Regarding the camera, I have been looking at a few. On the Canon side, the xsi and the T1i (though they just released a T2i which looks nice). On the Nikon side, the D5000 and the D90. What I like about the T1i and T2i is that they shoot HD video, though only the T2i will shoot real HD (720p at 60 fps). Obviously video should not be the primary concern here, but it is a nice-to-have. I just don't want to have to carry with a photo and a video camera while on vacation. Other than that, like a good novice photographer, my decision will come down to $$$$.

I understand that I need to invest in lenses so I am leaning towards the xsi or even the T1i. For what I want, I don't need more than 12 or even 10MPs. But what concerns me about the T1i is that the pixels are smaller so they tend to introduce more noise. Now, having never owned an SLR, I don't know if the common belief that these artifacts are barely noticeable to the untrained eye is true or not. I think most of my pictures will be outdoors, with the occasional indoor family reunion-type picture. I don't think I need to go as low as 1.2, but something around 3.2 should be fine.

Finally, what other accessories should I look at like filters and stuff?

Thanks so much for the help, Henrik and Eso.

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Re: DSLR

Post by Henrik on Thu Feb 11 2010, 22:16

This one was taken with the new Canon 50D and the 70-200mm f4L IS USM. The fabulous thing with these shots is that I can then zoom in on tiny details once back on the computer.




Here is an example of a shot taken with the old 300D and the Sigma 50-500mm. What I love about using this lens at 500mm is that I can really get up close without any furtherr digital zoom. The very short depth I think also adds a great effect on these sort of photos, although it is more difficult to get really good ones than with the new 70-200 lens. Still, you can see what can be done with some older equipment (that camera is 6 megapixels....).



For me, the Rossi picture is easily the better one, which tends to show that it is not always the equipment that makes the best shot.

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Re: DSLR

Post by Henrik on Thu Feb 11 2010, 22:36

Okay, for me I would never look at the video possibilities in a DSLR simply because I would never use it for that. I may be a bit old-school, but an slr camera is an slr camera! I might bring my pocket Lumix along as well as this can also shoot video though.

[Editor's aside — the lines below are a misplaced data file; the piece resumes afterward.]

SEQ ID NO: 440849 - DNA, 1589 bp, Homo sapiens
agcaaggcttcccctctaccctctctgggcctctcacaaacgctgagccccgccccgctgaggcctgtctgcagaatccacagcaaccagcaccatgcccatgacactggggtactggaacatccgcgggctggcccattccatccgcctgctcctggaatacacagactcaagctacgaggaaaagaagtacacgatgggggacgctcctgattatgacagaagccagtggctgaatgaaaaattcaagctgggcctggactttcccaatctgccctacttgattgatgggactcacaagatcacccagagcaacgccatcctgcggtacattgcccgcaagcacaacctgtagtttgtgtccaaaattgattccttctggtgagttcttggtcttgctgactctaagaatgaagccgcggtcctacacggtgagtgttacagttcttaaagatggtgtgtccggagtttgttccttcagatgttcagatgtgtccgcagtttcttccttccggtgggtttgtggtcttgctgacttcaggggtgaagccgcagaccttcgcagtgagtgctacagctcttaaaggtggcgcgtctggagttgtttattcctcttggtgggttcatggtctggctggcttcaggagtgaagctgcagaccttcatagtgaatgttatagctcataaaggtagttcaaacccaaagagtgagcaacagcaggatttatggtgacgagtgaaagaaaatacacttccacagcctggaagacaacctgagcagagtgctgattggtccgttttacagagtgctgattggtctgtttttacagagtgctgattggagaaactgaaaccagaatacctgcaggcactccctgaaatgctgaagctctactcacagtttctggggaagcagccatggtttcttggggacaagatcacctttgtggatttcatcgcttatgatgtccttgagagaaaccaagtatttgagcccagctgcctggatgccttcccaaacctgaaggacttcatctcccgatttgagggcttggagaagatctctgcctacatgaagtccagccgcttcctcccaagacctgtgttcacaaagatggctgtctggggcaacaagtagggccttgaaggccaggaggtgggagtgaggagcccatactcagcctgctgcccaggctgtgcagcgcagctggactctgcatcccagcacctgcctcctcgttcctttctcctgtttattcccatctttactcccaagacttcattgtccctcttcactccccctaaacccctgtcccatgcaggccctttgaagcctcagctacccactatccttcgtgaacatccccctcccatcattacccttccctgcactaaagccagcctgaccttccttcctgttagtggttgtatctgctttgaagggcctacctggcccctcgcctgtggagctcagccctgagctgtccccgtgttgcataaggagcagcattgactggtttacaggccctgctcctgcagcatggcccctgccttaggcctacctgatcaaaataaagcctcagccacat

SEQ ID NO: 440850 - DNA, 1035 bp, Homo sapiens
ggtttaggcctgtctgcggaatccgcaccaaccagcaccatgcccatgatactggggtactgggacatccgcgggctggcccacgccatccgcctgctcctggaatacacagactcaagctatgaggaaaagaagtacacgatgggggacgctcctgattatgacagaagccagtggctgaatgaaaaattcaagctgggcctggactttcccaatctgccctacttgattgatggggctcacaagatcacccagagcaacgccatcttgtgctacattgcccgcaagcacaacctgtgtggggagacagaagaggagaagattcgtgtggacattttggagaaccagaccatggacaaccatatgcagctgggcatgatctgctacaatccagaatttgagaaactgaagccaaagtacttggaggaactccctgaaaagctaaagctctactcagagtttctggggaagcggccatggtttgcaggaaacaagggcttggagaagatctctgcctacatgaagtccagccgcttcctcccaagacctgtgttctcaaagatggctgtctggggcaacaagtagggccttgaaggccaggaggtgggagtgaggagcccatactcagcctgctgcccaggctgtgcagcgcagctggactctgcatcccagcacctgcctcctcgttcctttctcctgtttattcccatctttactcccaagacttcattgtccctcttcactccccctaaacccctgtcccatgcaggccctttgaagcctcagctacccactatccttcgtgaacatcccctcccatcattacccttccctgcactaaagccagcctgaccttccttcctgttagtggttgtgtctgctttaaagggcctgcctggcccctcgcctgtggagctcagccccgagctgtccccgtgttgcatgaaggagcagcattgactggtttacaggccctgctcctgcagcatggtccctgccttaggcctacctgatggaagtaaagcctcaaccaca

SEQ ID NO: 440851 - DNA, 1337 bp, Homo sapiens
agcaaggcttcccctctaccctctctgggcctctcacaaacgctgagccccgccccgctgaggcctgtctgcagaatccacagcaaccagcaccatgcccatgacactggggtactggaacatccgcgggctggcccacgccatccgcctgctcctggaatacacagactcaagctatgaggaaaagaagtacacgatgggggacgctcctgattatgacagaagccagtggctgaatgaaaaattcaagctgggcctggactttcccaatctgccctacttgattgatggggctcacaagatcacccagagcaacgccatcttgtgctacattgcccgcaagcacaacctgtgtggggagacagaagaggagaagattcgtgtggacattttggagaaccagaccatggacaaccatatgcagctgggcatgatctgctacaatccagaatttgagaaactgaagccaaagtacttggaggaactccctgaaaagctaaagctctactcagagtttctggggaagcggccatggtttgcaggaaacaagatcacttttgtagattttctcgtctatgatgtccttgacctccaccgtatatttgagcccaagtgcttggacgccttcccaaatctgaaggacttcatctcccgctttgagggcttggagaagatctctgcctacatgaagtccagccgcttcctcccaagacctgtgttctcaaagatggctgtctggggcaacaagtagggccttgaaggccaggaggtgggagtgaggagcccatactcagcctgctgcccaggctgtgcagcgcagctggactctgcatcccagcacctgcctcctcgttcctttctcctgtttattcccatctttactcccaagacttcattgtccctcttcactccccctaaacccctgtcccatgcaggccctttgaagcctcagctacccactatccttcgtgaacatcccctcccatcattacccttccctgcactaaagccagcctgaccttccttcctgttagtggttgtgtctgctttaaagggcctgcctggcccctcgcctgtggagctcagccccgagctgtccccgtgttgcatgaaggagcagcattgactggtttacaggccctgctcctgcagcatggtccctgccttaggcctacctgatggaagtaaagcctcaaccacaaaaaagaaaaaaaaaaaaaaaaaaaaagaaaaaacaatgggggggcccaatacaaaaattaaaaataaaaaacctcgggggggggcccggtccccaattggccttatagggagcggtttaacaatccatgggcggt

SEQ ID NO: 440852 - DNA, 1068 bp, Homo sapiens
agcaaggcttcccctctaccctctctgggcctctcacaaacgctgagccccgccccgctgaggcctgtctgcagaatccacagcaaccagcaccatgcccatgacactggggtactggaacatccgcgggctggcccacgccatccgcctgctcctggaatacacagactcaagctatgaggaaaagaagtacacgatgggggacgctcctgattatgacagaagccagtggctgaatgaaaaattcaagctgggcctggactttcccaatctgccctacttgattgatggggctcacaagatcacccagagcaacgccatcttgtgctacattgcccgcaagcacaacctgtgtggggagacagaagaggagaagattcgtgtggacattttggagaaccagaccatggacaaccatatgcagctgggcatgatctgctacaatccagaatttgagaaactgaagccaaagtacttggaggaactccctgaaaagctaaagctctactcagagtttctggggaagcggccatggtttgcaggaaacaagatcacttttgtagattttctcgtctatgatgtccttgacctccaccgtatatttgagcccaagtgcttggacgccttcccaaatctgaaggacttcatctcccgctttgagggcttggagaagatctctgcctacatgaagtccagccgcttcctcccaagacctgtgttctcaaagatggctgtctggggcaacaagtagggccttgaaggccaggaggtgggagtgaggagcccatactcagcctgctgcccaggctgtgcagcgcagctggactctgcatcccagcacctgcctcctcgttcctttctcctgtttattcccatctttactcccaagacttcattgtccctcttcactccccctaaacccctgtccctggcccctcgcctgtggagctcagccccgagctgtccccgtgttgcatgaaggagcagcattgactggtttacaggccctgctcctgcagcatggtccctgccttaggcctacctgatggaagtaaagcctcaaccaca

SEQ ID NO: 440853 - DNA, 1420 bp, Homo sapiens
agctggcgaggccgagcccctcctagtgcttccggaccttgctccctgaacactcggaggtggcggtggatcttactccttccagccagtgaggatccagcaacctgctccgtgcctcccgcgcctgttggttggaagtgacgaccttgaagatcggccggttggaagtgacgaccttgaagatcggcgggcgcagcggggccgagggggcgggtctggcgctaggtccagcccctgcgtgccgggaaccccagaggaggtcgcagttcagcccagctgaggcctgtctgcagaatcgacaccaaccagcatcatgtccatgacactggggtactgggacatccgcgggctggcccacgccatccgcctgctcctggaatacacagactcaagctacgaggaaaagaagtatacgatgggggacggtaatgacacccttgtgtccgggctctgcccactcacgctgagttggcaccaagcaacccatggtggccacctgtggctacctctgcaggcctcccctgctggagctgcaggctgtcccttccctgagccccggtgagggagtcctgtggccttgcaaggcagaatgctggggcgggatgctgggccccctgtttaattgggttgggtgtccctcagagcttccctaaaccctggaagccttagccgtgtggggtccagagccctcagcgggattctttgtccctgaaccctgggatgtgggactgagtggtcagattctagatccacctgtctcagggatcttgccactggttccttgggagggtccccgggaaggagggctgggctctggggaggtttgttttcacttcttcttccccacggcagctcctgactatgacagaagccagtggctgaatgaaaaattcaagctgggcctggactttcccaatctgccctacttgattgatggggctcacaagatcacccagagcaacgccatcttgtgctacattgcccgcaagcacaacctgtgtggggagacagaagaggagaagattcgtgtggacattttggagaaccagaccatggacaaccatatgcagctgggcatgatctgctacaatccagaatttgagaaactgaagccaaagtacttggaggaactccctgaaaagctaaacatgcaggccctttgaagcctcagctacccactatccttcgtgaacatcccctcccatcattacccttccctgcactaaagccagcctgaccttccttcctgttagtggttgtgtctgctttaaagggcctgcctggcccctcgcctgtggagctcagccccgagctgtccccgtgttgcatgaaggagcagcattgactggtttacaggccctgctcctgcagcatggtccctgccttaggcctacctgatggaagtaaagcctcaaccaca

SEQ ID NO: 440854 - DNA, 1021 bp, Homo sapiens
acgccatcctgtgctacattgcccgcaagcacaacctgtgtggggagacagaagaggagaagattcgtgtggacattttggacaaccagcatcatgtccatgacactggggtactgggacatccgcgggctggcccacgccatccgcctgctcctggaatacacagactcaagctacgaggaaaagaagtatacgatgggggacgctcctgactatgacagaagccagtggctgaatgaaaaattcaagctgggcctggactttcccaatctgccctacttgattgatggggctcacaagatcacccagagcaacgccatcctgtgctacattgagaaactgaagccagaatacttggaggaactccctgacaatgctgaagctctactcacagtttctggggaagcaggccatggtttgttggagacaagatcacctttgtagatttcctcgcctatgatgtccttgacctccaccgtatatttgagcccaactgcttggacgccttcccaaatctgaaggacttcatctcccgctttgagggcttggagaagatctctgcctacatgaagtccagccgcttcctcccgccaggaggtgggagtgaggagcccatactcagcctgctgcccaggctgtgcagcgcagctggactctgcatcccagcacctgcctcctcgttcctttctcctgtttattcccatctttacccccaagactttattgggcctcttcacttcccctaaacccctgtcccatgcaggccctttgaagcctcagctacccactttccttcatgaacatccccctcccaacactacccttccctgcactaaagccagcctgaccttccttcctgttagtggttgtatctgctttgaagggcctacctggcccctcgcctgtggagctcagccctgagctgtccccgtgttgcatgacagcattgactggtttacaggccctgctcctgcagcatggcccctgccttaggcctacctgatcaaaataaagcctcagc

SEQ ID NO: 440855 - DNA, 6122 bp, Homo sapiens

I hate the way Canon has a different name in the US from the rest of the world! So, the T1i is the 500D, and the Xsi is the 450D. Okay, here I think the Xsi will certainly do the job. I know there is a lot of talk also about live-view, but here again I can't see the interest. I think a proper viewfinder can't be beat when taking pictures, and I never liked using the lcd screen when taking pictures with my Lumix. Hell, most of the shots I take with the Sigma 50-500 end up being at f6.3 on bikes and cars racing by, and I have never really had a problem even using it handheld (and it does weigh a fair bit!).

Don't get too worried about the low light stuff. Sure an f1.2 is great, but I find with the modern cameras the much higher iso possibilities offered, together with the various anti-shake options in thee lenses, you really can get away very will with something like f4.

Other equipment you should probably look at, especially for indoor photography, is a proper flash. These tend to be a bit expensive too, but they can really add so much, and also help a lot in the creativity. For filters, a uv filter to protect the lenses should be sufficient. If you want to start playing with colours, you can always begin on the computer with photoshop.

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Re: DSLR

Post by pabs on Thu Feb 11 2010, 23:03

See, I always thought those racing shots were at a very low f-stop just because the shutter speed has to be very fast. But if you say you can get them at f6.3, then I believe you!

I am favoring the Canon so chances are, that's what I'll get. But I probably will end up getting a separate video camera for the video stuff. Like you said, a photo camera should be a photo camera.

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Re: DSLR

Post by Henrik on Thu Feb 11 2010, 23:10

You do need a fast shutter speed for sure, but if it is sunny out, you have a lot of light. The details on the Rossi photo is as follows:

f/6.3